Behavior Want a man to propose? Read this book excerpt from author Sherry Argov. Is it about timing? In her interviews with men, Argov found that men want to commit to women who exude confidence and are in control of their lives. Here's an excerpt. Why a Strong Woman Wins His Heart Let us now set forth one of the fundamental truths about marriage: the wife is in charge.
The study from which we drew these interviews was focused on unwanted sex—everything from sex that students consented en route for but felt ambivalent about, to femininity involving physical coercion. Our interest all the rage this blog post is what we learned from women whose experiences were not physically coercive, but were even so difficult because of their awareness of their vulnerability to these three labels. Participants were recruited by a broadcast survey in two introductory sociology courses and by recruitment flyers placed about campus. The screening survey asked questions to ascertain if the person had experienced unwanted sex. Interviews were conducted in person with 44 women after that lasted between 45 minutes and 2 hours. The quotes that follow beneath are verbatim from these interviews.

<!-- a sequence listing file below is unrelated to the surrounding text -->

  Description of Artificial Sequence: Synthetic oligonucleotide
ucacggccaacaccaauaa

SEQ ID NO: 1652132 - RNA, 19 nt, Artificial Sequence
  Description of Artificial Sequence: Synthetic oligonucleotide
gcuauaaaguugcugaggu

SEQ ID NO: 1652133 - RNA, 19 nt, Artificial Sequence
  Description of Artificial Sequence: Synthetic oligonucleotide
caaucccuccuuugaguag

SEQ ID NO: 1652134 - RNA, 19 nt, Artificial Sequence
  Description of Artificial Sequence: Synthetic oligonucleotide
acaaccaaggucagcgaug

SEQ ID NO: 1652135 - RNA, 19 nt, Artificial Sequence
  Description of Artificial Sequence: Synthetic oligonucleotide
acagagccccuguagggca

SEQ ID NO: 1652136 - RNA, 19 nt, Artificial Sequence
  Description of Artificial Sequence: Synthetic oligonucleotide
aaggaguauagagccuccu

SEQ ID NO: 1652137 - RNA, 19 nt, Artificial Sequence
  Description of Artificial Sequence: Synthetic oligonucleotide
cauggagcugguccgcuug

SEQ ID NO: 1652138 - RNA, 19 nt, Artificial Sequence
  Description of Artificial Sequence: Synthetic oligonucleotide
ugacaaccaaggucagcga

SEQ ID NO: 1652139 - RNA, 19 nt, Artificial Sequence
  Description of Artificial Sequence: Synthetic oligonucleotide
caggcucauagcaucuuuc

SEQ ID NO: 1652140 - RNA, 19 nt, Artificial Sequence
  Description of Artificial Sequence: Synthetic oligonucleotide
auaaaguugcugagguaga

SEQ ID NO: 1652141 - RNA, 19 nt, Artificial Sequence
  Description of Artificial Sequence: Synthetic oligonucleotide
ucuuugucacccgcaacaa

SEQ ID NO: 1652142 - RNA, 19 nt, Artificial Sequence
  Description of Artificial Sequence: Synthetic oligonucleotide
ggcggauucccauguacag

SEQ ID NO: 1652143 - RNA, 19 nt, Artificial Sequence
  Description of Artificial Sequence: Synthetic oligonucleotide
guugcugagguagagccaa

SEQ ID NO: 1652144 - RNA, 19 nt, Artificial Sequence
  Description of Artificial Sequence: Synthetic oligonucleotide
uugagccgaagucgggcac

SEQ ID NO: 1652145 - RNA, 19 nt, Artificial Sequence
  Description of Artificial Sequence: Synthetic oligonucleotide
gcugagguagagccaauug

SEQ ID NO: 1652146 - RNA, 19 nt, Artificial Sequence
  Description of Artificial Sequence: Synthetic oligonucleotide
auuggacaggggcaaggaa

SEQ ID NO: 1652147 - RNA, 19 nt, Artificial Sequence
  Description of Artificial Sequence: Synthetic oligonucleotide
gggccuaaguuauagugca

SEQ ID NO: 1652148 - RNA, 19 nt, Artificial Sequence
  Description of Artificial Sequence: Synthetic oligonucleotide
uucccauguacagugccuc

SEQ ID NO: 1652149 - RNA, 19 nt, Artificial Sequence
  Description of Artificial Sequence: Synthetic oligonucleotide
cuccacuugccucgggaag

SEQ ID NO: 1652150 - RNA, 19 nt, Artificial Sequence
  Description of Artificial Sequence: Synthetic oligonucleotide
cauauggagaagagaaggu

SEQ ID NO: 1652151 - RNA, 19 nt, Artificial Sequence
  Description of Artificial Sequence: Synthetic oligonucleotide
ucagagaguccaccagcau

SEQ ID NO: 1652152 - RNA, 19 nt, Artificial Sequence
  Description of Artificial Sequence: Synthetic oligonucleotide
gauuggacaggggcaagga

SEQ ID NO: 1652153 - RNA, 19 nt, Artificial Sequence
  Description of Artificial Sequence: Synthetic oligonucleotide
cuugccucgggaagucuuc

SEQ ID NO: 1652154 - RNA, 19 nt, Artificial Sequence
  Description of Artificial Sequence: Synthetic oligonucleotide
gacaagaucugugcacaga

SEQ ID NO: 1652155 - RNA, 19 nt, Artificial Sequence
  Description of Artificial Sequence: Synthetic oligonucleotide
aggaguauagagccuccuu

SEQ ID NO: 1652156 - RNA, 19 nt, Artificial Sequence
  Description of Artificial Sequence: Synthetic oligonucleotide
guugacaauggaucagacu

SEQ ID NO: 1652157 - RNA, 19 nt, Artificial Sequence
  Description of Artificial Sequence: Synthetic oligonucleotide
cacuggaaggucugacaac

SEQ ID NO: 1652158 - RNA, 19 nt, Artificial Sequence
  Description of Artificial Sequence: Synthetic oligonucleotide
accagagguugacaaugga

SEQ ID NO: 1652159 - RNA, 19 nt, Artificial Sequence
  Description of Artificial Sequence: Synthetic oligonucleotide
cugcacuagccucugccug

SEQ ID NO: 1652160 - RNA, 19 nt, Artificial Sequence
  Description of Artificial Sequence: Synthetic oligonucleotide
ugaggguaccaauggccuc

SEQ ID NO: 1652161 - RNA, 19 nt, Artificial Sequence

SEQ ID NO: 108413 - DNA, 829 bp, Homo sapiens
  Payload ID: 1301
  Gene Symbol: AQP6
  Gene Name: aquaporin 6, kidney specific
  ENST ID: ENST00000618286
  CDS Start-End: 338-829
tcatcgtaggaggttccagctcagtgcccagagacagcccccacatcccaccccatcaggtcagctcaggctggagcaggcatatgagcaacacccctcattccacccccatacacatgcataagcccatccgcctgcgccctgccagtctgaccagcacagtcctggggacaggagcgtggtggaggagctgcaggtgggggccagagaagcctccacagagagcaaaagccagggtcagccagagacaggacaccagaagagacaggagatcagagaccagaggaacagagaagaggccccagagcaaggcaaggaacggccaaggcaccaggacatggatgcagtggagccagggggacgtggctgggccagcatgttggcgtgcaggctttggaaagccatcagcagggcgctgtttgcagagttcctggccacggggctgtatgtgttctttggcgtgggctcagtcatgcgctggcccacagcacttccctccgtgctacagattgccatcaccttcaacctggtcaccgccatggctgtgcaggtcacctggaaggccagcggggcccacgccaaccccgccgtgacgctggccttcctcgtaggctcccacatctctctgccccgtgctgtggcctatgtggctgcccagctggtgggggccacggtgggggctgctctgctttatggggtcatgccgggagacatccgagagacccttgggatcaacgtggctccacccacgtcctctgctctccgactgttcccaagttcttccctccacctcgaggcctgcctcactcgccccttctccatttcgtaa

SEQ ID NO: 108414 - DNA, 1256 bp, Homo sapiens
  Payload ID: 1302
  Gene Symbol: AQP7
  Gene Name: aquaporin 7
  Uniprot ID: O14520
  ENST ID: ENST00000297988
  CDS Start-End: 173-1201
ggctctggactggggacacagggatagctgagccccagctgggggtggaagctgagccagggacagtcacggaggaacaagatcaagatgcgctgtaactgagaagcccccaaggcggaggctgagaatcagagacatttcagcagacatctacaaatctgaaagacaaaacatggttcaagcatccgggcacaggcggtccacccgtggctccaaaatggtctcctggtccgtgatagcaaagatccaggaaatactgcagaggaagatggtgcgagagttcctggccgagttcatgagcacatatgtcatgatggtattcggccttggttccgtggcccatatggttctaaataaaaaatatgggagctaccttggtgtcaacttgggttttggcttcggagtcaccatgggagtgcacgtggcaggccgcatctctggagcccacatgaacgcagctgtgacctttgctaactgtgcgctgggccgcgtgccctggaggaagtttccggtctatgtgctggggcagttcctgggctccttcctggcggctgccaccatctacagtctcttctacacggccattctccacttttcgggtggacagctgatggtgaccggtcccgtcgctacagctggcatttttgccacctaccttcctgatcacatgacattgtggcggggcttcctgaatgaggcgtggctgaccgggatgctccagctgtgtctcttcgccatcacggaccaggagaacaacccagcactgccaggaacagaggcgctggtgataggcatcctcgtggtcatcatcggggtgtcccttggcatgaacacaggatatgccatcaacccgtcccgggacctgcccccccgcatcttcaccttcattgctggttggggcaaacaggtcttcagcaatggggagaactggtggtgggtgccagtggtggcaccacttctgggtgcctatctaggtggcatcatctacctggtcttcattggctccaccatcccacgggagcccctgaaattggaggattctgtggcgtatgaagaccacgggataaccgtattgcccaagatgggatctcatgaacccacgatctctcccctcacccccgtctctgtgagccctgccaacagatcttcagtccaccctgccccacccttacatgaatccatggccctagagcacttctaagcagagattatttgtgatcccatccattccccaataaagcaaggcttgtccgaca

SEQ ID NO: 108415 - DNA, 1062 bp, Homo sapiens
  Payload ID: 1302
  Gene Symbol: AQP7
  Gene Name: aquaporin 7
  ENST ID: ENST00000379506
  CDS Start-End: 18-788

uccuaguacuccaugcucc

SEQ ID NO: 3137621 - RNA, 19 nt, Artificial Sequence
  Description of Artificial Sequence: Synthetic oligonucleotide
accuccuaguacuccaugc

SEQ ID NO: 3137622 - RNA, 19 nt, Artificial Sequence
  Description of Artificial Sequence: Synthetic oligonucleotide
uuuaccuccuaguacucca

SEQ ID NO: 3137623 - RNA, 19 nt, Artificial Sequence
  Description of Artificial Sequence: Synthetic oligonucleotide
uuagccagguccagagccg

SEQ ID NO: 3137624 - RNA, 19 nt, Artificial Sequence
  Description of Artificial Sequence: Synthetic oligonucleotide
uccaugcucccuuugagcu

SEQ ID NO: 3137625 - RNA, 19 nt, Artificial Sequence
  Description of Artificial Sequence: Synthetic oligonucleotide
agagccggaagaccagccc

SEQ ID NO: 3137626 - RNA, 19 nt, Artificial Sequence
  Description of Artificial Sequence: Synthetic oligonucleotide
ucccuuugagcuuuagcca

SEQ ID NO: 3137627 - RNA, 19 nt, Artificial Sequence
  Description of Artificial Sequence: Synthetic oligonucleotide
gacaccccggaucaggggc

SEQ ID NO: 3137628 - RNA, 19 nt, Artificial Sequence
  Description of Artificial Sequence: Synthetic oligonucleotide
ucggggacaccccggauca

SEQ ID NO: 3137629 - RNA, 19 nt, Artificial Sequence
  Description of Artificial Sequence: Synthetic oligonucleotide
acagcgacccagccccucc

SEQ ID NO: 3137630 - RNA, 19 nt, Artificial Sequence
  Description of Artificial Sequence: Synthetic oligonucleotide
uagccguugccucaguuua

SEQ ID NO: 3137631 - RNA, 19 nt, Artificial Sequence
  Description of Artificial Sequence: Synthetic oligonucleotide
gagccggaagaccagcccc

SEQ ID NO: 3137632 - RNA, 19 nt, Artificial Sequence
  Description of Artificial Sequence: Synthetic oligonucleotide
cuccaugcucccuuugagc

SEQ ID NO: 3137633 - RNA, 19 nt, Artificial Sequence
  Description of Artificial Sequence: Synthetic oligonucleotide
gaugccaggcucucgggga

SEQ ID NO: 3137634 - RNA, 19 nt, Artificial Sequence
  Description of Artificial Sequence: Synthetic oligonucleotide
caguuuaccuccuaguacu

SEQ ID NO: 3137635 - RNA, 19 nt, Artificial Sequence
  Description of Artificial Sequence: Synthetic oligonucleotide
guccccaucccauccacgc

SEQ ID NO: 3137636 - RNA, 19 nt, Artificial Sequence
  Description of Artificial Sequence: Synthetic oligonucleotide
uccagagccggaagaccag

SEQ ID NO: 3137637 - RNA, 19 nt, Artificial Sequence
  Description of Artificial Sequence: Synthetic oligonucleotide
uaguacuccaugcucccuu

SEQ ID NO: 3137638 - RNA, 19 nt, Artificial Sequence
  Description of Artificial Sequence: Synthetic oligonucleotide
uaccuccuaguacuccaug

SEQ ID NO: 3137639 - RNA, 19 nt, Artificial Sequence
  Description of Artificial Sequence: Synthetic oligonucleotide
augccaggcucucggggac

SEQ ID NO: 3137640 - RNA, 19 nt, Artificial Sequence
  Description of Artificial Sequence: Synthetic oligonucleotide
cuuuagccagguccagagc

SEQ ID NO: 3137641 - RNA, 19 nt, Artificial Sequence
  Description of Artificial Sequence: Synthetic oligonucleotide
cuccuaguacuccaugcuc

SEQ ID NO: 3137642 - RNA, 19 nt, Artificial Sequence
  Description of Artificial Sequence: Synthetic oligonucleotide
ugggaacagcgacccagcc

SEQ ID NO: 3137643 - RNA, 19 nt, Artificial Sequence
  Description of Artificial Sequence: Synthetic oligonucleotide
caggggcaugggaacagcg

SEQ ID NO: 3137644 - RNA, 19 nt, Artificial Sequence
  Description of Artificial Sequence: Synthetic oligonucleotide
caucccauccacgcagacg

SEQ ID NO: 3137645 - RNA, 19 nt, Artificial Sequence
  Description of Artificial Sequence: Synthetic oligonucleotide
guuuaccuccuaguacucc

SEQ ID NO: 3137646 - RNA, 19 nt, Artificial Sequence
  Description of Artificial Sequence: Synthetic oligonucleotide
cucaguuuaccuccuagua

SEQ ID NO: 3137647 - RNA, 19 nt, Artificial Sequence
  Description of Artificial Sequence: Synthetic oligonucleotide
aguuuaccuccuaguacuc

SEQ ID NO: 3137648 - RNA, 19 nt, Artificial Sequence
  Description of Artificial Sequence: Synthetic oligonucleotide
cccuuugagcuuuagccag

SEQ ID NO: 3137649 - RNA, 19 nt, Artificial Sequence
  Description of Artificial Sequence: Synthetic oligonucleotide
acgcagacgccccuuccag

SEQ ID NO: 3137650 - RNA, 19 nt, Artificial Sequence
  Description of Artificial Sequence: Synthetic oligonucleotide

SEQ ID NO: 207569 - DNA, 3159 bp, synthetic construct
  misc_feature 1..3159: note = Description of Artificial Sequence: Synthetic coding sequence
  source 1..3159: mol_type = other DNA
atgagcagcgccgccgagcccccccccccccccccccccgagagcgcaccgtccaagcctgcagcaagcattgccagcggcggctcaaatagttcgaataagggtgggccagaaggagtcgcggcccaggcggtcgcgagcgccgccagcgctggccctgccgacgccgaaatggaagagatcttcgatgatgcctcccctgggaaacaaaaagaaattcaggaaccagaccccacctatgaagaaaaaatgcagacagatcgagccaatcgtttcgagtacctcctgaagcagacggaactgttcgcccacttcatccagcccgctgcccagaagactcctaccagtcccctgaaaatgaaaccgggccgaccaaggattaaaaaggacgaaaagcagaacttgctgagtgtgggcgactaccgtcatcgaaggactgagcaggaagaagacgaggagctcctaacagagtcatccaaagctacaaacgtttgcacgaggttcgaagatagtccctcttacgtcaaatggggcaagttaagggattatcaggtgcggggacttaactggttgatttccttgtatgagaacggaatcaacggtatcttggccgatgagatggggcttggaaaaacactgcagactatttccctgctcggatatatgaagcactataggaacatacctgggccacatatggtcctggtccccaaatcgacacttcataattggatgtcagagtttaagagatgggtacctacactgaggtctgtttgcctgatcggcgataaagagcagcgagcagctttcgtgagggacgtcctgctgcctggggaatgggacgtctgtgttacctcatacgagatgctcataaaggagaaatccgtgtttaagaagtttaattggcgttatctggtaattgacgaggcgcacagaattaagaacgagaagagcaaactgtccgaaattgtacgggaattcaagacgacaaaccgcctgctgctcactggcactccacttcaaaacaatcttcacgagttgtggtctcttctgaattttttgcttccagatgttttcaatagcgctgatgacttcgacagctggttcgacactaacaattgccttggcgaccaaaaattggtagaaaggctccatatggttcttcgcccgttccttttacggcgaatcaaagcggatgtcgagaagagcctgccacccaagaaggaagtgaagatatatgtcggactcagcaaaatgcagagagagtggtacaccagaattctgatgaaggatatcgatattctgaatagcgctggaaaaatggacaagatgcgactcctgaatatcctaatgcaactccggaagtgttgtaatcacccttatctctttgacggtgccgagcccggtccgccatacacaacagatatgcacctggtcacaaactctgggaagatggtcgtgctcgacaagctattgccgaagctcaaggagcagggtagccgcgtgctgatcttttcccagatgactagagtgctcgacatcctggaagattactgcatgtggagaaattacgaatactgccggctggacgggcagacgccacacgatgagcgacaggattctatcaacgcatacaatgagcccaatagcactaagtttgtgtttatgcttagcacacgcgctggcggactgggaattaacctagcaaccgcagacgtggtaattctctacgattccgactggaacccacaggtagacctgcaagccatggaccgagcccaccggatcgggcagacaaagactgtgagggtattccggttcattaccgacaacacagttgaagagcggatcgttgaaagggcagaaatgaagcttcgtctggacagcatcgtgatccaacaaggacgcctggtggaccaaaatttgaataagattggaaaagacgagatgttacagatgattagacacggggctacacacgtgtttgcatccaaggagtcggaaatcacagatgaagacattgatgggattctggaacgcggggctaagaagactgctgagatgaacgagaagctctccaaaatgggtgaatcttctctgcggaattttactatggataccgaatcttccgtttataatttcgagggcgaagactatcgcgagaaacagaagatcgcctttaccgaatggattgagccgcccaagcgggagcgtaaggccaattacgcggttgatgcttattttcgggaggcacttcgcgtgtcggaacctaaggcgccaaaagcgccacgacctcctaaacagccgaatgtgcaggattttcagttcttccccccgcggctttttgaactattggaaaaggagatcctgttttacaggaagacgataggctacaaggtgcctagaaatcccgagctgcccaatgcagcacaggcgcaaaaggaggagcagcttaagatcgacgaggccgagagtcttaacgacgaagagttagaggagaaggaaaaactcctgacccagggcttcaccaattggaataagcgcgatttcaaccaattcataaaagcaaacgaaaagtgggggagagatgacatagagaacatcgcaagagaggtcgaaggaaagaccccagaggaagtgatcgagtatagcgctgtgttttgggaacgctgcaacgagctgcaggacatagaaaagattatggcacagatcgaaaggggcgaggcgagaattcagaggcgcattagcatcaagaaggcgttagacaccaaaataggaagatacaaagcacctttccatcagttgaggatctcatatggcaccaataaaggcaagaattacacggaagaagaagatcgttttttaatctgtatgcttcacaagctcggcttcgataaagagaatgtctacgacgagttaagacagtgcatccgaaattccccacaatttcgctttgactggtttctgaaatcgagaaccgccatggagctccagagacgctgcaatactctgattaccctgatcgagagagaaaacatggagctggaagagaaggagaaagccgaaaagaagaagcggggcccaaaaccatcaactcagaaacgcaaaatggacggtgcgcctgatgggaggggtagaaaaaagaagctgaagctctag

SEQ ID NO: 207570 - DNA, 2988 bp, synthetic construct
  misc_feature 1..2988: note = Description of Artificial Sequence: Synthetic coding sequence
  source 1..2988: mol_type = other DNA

Can you repeat that? punctured this rose-tinted illusion of abundance was the knowledge that these little figures giggling and sitting Indian-style arrange the carpet before me might additionally be viewed as incubating adolescents. All the rage fact, over the past few decades, scholars from a variety of disciplines—including developmental psychologyevolutionary biology and cultural anthropology —have noted a striking difference all the rage the standard patterns of aggression amid reproductive-aged males and females. While adolescent boys and young male adults are more prone to engage in absolute aggression, which includes physical acts of violence such as hitting, punching after that kicking, females, in comparison, exhibit definite social aggression, which includes such abhorrent things as mentioned in the a choice of acts of bitchery listed above. A prototypical example of an act of teenage social aggression is given as a result of University of Flinders psychologists Rosalyn ShuteLaurence Owens and Phillip Slee in a article published in the International Academic journal of Adolescence and Youth: Jo is a fifteen-year-old girl.